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How you can Set Up All the iCloud+ Features in iOS 15 – Guide
If you already pay Apple for additional iCloud storage beyond the normal 5GB, or start paying in the future, you’ll get a number of new services as part of an iCloud+ subscription. iCloud + is now available alongside iOS 15 and iPadOS 15 and will be included in macOS Monterey when it launches later this year.
The price of iCloud stays the same, so in the US, $US1 ($1) a month gets you 50GB of cloud storage, $US3 ($4) gets you 200GB, and $US10 ($14) gives you 2TB. iCloud+ is also available as part of the Apple One, which starts at $15 ($20) a month. The only advantage of iCloud+ that varies depending on how much storage you pay for is the HomeKit video device function (more on that in a minute).
Here’s everything you need to know about iCloud+, including what you get and how it works.
iCloud Private Relay
iCloud Private Relay does some of the tasks of a VPN (Virtual Private Network) to protect Internet traffic from eavesdropping. Data sent and received on your devices is transferred to two separate relays or Internet nodes – the first operated by Apple, the second by one of Apple’s content provider partners.
Along the way, you’re given a temporary IP address (the detail that indicates your location on the web) and your DNS records (the details of the websites you’re visiting) are encrypted. Not Apple, not your Internet service provider, not anyone looking to build up an advertising profile about you can see who you are or the websites you are visiting.
iCloud Private Relay is only active when you are browsing the web through Safari. To turn it on on iOS 15 or iPadOS 15, open up Settings, tap your name and choose iCloud and Private Relay. If you are using macOS Monterey, open up System Preferences and choose Apple ID and then iCloud to find the Private Relay option. You get a setting, which is to comprehensively hide your IP address.
hide my email
Apple’s efforts to protect your privacy extend to your email. Hide My Email does exactly what the name suggests: it provides randomly generated, disposable email addresses that you can use to subscribe up for new accounts, digital signatures or whatever you want. All addresses are unique and they all forward to your iCloud email account. If you need to block email from a certain source, just close the email address.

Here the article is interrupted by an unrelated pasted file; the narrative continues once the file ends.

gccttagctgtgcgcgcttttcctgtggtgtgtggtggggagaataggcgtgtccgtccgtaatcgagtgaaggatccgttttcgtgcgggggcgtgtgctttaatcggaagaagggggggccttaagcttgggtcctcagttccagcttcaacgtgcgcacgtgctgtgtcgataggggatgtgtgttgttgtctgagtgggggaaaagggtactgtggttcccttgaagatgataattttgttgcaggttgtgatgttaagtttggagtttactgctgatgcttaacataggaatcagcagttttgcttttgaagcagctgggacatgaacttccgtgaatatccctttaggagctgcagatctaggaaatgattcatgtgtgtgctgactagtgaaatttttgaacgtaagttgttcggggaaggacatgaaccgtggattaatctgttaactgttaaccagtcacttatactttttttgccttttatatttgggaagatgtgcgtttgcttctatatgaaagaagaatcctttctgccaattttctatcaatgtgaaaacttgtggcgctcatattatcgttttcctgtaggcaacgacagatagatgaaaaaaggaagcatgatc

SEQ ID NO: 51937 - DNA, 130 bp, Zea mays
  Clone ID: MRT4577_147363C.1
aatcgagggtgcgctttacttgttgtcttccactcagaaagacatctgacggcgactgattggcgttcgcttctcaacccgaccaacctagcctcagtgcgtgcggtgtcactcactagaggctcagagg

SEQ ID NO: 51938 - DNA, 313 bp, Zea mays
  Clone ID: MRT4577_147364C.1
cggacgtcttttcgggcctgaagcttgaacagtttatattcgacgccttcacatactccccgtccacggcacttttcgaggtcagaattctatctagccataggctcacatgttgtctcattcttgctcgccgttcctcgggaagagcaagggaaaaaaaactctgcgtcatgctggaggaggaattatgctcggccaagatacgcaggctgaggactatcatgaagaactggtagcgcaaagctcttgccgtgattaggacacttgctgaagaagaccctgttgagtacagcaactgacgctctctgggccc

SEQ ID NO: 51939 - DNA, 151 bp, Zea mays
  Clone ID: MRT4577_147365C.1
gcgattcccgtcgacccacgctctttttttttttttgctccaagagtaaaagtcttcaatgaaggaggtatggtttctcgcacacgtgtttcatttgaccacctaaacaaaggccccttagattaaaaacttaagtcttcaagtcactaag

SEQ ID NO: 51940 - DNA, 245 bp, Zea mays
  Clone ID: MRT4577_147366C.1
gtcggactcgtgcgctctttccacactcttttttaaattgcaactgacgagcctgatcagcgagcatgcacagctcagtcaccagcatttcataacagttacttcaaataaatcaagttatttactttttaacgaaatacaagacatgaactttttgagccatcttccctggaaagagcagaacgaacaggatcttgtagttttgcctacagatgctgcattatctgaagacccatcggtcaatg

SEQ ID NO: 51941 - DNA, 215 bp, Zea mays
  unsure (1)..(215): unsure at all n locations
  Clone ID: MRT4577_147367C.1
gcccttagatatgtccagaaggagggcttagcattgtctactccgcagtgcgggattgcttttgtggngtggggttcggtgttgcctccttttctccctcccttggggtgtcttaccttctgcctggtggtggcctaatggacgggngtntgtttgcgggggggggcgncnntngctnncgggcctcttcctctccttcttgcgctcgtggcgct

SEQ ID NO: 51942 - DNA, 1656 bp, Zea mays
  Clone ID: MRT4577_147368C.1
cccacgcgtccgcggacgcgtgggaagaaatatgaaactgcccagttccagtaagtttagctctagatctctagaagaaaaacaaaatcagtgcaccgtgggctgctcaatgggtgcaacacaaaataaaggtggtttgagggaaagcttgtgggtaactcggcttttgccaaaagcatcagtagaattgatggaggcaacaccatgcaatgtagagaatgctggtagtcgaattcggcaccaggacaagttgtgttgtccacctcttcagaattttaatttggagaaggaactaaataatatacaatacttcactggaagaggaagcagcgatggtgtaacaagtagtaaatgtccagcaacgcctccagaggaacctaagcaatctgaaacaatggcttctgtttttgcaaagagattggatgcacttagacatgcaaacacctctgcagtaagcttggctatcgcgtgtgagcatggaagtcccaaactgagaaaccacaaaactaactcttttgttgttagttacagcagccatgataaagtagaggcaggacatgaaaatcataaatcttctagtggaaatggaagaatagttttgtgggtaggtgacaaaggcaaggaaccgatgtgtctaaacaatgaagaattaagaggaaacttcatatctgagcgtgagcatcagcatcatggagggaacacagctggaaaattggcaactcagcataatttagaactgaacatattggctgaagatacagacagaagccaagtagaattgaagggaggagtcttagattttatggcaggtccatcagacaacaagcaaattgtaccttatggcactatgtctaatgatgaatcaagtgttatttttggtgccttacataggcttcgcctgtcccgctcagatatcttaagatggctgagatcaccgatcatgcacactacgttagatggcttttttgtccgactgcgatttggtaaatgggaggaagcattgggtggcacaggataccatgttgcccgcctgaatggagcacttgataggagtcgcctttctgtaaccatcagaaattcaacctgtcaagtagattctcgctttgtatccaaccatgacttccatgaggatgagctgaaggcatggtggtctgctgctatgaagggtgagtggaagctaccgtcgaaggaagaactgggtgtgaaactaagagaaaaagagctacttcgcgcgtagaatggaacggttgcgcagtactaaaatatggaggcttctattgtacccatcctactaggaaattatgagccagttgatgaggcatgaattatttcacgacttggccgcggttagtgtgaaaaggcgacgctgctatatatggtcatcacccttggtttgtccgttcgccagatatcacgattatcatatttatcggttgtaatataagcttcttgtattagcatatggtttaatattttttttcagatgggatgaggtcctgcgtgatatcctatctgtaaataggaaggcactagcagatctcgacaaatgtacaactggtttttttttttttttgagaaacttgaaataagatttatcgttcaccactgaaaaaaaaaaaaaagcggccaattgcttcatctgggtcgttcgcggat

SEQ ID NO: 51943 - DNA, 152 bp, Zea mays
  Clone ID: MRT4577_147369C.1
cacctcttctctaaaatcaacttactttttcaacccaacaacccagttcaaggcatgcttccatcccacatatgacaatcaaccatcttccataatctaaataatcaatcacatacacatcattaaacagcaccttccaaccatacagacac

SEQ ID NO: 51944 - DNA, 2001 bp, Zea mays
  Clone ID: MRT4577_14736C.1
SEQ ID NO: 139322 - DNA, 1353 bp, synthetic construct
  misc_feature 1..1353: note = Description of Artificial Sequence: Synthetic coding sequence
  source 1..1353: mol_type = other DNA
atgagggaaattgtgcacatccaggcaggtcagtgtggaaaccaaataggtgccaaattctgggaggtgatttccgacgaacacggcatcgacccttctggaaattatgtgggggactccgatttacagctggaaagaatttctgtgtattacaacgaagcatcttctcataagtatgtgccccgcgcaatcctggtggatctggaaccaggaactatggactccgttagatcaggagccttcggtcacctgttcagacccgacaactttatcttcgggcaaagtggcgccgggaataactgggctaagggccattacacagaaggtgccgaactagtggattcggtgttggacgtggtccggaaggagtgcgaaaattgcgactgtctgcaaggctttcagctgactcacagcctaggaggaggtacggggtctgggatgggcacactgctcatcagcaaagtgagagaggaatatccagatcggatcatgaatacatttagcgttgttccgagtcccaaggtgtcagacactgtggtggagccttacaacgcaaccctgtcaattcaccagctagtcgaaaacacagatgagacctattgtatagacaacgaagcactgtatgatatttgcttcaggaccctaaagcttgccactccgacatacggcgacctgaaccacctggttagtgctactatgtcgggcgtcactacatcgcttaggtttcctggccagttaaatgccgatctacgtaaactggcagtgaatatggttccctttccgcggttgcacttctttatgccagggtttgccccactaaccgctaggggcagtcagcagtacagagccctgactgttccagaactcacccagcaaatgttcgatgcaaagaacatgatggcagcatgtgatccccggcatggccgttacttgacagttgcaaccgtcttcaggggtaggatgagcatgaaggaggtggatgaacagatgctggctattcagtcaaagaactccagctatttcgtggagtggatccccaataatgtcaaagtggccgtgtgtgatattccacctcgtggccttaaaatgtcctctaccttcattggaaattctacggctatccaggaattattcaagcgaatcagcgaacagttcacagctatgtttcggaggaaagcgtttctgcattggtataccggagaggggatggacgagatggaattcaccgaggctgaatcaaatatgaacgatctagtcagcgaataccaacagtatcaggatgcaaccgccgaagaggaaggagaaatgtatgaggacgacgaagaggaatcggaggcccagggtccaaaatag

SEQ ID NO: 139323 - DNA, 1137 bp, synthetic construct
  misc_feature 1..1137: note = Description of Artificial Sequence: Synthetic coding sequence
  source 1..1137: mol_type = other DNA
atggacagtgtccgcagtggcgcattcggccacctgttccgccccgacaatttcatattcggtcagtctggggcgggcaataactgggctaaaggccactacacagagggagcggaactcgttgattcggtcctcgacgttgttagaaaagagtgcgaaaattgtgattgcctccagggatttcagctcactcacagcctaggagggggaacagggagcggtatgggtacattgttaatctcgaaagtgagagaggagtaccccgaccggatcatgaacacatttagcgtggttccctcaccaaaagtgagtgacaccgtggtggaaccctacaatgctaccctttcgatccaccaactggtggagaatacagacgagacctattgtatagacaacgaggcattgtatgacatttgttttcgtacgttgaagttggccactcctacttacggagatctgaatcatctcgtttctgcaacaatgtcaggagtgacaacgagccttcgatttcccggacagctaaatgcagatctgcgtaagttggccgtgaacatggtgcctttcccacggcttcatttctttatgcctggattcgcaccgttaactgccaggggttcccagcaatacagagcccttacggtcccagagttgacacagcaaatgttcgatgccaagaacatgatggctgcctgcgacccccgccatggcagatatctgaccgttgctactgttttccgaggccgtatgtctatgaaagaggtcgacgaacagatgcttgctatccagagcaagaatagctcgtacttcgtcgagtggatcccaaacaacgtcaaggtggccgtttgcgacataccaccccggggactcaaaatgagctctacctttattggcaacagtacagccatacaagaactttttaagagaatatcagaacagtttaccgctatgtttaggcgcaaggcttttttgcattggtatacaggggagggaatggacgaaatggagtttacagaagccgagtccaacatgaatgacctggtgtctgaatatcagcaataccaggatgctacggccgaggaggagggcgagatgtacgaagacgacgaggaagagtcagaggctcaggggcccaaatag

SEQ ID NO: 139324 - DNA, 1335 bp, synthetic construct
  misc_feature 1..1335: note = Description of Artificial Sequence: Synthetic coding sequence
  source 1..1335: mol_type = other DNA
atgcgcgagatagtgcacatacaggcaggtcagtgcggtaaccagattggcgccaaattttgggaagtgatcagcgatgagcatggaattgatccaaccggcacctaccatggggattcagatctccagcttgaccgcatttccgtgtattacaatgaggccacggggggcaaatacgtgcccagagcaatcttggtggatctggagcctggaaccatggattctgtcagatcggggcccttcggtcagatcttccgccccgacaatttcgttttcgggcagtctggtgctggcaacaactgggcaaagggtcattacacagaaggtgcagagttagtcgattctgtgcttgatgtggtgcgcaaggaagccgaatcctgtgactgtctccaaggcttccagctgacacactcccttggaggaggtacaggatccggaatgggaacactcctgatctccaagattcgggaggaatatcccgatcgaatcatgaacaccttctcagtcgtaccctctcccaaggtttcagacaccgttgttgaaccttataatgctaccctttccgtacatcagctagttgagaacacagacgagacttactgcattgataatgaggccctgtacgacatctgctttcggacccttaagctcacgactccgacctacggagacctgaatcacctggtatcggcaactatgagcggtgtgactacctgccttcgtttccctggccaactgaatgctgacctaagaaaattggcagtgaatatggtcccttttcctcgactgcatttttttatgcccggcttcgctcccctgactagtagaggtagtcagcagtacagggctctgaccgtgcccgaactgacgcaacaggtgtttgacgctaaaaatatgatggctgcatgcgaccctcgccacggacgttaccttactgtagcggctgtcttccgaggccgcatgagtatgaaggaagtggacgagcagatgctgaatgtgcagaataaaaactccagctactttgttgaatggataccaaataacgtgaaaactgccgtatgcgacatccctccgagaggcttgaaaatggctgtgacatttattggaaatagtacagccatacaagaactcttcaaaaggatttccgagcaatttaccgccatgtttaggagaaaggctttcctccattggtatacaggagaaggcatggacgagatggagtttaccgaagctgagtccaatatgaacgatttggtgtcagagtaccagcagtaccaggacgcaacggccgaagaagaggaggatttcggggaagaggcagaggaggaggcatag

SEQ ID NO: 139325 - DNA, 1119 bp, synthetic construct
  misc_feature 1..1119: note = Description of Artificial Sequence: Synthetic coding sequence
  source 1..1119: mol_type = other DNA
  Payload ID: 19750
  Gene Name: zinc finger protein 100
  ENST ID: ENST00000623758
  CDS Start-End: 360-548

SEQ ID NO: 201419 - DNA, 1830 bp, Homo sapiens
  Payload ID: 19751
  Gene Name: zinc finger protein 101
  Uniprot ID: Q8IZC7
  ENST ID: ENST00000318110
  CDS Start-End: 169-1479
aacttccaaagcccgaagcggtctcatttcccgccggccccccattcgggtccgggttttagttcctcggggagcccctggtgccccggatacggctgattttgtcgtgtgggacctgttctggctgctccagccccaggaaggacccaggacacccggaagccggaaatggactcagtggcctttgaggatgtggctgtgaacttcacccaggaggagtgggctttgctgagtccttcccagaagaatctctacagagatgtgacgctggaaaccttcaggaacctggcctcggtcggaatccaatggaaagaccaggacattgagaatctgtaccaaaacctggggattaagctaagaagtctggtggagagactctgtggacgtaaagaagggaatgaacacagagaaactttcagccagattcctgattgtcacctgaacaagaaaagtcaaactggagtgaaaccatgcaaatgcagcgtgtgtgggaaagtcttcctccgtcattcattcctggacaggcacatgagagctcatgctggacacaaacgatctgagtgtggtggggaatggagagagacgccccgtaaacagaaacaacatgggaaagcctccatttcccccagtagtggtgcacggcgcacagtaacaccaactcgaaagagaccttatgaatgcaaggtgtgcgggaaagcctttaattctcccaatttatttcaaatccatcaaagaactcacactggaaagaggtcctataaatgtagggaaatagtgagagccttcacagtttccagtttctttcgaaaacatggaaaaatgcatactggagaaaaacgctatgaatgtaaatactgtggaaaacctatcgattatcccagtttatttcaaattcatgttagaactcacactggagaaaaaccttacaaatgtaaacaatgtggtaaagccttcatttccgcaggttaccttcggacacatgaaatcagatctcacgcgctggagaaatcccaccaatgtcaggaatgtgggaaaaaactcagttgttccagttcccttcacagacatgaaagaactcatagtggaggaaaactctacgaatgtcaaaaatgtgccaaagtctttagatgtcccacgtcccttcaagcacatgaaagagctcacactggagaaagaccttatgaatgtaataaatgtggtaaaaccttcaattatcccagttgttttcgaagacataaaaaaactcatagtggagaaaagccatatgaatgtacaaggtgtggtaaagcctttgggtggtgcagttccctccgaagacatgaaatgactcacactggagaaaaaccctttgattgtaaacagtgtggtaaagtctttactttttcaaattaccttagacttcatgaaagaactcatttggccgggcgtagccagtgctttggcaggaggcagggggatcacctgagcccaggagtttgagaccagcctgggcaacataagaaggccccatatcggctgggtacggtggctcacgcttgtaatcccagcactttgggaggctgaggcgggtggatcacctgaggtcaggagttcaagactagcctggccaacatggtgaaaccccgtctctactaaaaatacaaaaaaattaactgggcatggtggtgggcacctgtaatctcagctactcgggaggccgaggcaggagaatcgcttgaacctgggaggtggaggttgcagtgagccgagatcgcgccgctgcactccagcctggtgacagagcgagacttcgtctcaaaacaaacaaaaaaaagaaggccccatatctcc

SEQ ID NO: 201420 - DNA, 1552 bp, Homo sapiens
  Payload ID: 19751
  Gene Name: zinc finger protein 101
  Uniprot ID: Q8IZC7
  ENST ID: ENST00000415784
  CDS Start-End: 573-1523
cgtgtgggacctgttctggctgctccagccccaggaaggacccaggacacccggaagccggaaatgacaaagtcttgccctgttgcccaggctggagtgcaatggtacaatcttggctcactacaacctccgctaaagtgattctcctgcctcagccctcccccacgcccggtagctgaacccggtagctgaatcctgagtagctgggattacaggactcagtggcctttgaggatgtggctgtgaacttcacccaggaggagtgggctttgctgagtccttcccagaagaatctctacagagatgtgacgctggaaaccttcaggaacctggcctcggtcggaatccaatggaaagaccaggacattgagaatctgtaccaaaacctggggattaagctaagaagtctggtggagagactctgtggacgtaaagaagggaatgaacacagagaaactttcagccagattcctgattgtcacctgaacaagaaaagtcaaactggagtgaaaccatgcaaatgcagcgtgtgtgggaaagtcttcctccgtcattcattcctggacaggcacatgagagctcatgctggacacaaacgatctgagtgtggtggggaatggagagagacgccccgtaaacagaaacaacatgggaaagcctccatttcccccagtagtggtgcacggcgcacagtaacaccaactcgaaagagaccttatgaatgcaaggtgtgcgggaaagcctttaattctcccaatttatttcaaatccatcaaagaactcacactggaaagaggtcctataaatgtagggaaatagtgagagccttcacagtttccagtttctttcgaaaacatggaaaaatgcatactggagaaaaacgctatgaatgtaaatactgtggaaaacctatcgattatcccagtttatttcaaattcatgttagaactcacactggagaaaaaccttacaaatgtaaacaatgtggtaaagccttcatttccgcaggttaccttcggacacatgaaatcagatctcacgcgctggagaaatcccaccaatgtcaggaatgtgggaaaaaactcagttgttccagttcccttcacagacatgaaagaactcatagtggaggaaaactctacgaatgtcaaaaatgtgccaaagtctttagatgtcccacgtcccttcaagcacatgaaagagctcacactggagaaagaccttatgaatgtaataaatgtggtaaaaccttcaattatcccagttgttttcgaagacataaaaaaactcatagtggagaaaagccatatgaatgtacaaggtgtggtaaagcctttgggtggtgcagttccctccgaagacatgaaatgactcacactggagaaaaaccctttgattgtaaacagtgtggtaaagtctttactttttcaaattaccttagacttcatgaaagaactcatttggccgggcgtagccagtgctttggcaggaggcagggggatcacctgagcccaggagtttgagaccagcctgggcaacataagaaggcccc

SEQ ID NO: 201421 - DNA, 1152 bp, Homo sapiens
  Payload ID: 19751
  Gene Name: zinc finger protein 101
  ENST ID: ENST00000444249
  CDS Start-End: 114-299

This feature was available anywhere Sign in with Apple was supported before iCloud + came along, but is now available on Apple devices, in email address fields in Safari, and in the iCloud web portal. No content that goes through your email addresses is read by Apple, although the usual spam filtering still takes place.
There are several ways to find Hide My Email feature. On iPhones and iPads, under Settings, tap your name, choose iCloud, then Hide My Email. On a Mac, choose Apple ID in System Preferences, then iCloud and Options next to Hide my email. In iCloud on the web, choose Account Settings and then Manage under Hide my email.
Custom email domain
If you want to define up a custom email domain to use in various Apple email applications, then the custom email domain lets you do just that. You need to already own the domain name – unfortunately, you can’t just do it. up any domain name you like and then set up a corresponding email inbox to use.
Once you’ve connected the domain name to your iCloud account, you can use several different addresses with it – one for work and one for personal stuff, maybe. Up up to five domain names are supported, with up to three email addresses each. If you use iCloud + with Family Sharing, you can have separate domain names and email addresses for each family member.
You need to visit iCloud on the web to set up this feature: Click Account Settings and choose Manage under Custom Email Domain. The first question you will ask is whether the custom domain is just for you or for you and your family; after that, you can enter the domain name and follow the steps to configure it.
Support for HomeKit Secure Video
This one feels a little stuck together and is perhaps the least interesting of iCloud + features, but it’s there if you need it. Support for HomeKit Secure Video means that if you have security enabled for HomeKit camera at the home, you can save his footage to iCloud, where it will be encrypted end-to-end and can be viewed by you from anywhere.
Furthermore, the clips will be analyzed in particular for their home hub to determine if people, pets or cars are present, and you will also receive notification if movement is detected. The last 10 days of activity can be viewed through the Home app, which is where you can set up your cameras and add HomeKit Secure Video feature for them – assuming you can find models that support it, of course.
This is the only iCloud + feature where features change depending on how much money you’re giving Apple each month. Pay for 50GB of room ($US1 ($1) per month) and you’ll get HomeKit Secure Video support for one camera, pay for 200GB ($US3 ($4)) and you will have support for five cameras, and pay for 2TB ($US10 ($14)) and you will have support for an unlimited number of cameras.
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